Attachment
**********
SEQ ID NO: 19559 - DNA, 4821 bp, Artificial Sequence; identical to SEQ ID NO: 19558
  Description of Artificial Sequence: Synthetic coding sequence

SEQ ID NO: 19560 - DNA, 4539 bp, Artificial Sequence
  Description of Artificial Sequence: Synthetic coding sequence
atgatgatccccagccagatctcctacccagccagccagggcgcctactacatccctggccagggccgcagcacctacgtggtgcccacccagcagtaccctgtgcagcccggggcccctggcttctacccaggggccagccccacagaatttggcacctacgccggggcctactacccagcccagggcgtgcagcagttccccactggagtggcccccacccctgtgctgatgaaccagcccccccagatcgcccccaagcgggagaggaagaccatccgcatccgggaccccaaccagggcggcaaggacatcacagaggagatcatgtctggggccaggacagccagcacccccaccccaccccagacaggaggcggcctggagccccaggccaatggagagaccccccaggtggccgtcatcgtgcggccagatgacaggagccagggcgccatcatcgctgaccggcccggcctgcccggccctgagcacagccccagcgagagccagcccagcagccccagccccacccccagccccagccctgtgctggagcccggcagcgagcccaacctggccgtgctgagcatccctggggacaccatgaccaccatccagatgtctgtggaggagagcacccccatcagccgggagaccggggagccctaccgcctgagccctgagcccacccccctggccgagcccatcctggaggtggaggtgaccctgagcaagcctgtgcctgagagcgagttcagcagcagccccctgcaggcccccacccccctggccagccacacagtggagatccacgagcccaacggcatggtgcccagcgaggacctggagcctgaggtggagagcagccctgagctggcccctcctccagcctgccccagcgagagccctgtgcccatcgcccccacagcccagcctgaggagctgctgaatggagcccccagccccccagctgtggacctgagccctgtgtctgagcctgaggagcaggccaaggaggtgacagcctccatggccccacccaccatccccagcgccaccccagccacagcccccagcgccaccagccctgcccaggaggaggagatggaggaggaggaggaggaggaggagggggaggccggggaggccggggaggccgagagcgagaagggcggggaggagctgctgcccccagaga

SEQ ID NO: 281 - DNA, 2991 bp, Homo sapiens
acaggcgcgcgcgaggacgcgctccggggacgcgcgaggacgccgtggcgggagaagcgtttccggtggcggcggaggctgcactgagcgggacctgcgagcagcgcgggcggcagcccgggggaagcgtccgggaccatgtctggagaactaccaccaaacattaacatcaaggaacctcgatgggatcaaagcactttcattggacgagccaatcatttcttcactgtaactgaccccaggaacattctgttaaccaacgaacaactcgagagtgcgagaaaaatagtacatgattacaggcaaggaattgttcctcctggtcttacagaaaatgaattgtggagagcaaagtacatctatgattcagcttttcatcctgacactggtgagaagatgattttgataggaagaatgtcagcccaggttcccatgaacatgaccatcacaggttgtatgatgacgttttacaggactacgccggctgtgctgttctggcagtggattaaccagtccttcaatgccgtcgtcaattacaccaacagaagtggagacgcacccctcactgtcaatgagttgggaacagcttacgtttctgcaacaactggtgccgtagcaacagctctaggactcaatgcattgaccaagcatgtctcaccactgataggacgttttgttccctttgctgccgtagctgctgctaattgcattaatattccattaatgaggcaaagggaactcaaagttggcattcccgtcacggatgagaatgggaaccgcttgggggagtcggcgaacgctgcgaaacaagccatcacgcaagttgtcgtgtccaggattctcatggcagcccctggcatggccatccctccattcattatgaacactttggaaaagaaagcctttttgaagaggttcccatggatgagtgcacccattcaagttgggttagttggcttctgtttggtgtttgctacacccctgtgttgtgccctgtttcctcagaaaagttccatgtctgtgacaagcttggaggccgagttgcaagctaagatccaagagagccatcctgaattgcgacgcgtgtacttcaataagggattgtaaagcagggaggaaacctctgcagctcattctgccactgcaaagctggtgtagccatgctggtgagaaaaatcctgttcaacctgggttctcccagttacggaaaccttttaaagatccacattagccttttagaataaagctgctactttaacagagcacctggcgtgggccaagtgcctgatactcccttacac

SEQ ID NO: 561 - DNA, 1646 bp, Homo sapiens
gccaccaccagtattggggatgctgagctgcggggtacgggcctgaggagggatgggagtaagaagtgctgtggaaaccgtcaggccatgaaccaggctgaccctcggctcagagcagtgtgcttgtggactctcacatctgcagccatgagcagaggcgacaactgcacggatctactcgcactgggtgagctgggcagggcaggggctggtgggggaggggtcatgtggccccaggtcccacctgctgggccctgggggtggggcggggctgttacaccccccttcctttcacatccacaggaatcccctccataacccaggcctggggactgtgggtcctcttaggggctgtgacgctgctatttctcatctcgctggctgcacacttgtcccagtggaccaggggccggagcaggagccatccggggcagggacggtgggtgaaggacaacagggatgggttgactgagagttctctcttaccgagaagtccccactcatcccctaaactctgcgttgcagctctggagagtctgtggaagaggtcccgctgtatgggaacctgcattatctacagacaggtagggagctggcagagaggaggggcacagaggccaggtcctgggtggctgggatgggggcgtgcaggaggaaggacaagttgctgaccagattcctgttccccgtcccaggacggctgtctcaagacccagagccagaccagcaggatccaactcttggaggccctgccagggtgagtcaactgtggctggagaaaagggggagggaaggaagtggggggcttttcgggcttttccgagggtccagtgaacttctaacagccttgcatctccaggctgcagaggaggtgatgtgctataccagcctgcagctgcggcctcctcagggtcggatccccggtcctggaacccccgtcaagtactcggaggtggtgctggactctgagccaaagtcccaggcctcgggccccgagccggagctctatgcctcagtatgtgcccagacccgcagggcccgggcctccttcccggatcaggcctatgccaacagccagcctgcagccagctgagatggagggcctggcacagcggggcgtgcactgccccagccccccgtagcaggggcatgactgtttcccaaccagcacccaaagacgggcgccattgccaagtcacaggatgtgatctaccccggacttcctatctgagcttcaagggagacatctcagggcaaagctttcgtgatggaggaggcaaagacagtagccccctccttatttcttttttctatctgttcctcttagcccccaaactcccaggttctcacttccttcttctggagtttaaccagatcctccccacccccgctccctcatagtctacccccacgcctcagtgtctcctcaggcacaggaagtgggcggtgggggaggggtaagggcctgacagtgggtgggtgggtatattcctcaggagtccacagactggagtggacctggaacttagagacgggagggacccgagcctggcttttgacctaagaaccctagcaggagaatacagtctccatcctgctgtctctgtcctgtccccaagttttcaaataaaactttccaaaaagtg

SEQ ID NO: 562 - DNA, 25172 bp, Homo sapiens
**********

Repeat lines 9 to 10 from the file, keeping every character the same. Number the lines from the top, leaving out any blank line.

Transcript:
gccaccaccagtattggggatgctgagctgcggggtacgggcctgaggagggatgggagtaagaagtgctgtggaaaccgtcaggccatgaaccaggctgaccctcggctcagagcagtgtgcttgtggactctcacatctgcagccatgagcagaggcgacaactgcacggatctactcgcactgggtgagctgggcagggcaggggctggtgggggaggggtcatgtggccccaggtcccacctgctgggccctgggggtggggcggggctgttacaccccccttcctttcacatccacaggaatcccctccataacccaggcctggggactgtgggtcctcttaggggctgtgacgctgctatttctcatctcgctggctgcacacttgtcccagtggaccaggggccggagcaggagccatccggggcagggacggtgggtgaaggacaacagggatgggttgactgagagttctctcttaccgagaagtccccactcatcccctaaactctgcgttgcagctctggagagtctgtggaagaggtcccgctgtatgggaacctgcattatctacagacaggtagggagctggcagagaggaggggcacagaggccaggtcctgggtggctgggatgggggcgtgcaggaggaaggacaagttgctgaccagattcctgttccccgtcccaggacggctgtctcaagacccagagccagaccagcaggatccaactcttggaggccctgccagggtgagtcaactgtggctggagaaaagggggagggaaggaagtggggggcttttcgggcttttccgagggtccagtgaacttctaacagccttgcatctccaggctgcagaggaggtgatgtgctataccagcctgcagctgcggcctcctcagggtcggatccccggtcctggaacccccgtcaagtactcggaggtggtgctggactctgagccaaagtcccaggcctcgggccccgagccggagctctatgcctcagtatgtgcccagacccgcagggcccgggcctccttcccggatcaggcctatgccaacagccagcctgcagccagctgagatggagggcctggcacagcggggcgtgcactgccccagccccccgtagcaggggcatgactgtttcccaaccagcacccaaagacgggcgccattgccaagtcacaggatgtgatctaccccggacttcctatctgagcttcaagggagacatctcagggcaaagctttcgtgatggaggaggcaaagacagtagccccctccttatttcttttttctatctgttcctcttagcccccaaactcccaggttctcacttccttcttctggagtttaaccagatcctccccacccccgctccctcatagtctacccccacgcctcagtgtctcctcaggcacaggaagtgggcggtgggggaggggtaagggcctgacagtgggtgggtgggtatattcctcaggagtccacagactggagtggacctggaacttagagacgggagggacccgagcctggcttttgacctaagaaccctagcaggagaatacagtctccatcctgctgtctctgtcctgtccccaagttttcaaataaaactttccaaaaagtg

SEQ ID NO: 562 - DNA, 25172 bp, Homo sapiens